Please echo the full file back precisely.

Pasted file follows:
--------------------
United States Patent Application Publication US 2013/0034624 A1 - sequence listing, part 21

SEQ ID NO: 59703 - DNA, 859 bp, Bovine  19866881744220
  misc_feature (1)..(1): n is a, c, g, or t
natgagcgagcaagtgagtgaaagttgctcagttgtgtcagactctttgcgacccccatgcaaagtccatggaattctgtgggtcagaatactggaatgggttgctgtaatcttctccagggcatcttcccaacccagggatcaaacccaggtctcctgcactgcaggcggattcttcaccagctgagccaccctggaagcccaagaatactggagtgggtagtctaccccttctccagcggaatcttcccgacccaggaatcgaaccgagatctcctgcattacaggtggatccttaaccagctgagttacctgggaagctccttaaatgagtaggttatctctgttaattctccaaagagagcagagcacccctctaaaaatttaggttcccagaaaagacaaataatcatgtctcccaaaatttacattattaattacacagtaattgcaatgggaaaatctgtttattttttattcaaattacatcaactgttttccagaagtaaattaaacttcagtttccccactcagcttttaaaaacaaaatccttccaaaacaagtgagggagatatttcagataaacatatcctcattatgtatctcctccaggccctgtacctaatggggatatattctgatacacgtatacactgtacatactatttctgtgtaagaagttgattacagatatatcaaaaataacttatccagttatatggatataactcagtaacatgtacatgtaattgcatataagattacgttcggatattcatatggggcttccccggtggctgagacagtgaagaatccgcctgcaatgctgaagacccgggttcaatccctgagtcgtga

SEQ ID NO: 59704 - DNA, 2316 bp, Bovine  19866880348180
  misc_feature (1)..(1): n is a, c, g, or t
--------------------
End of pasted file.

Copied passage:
United States Patent Application Publication US 2013/0034624 A1 - sequence listing, part 21

SEQ ID NO: 59703 - DNA, 859 bp, Bovine  19866881744220
  misc_feature (1)..(1): n is a, c, g, or t
natgagcgagcaagtgagtgaaagttgctcagttgtgtcagactctttgcgacccccatgcaaagtccatggaattctgtgggtcagaatactggaatgggttgctgtaatcttctccagggcatcttcccaacccagggatcaaacccaggtctcctgcactgcaggcggattcttcaccagctgagccaccctggaagcccaagaatactggagtgggtagtctaccccttctccagcggaatcttcccgacccaggaatcgaaccgagatctcctgcattacaggtggatccttaaccagctgagttacctgggaagctccttaaatgagtaggttatctctgttaattctccaaagagagcagagcacccctctaaaaatttaggttcccagaaaagacaaataatcatgtctcccaaaatttacattattaattacacagtaattgcaatgggaaaatctgtttattttttattcaaattacatcaactgttttccagaagtaaattaaacttcagtttccccactcagcttttaaaaacaaaatccttccaaaacaagtgagggagatatttcagataaacatatcctcattatgtatctcctccaggccctgtacctaatggggatatattctgatacacgtatacactgtacatactatttctgtgtaagaagttgattacagatatatcaaaaataacttatccagttatatggatataactcagtaacatgtacatgtaattgcatataagattacgttcggatattcatatggggcttccccggtggctgagacagtgaagaatccgcctgcaatgctgaagacccgggttcaatccctgagtcgtga

SEQ ID NO: 59704 - DNA, 2316 bp, Bovine  19866880348180
  misc_feature (1)..(1): n is a, c, g, or t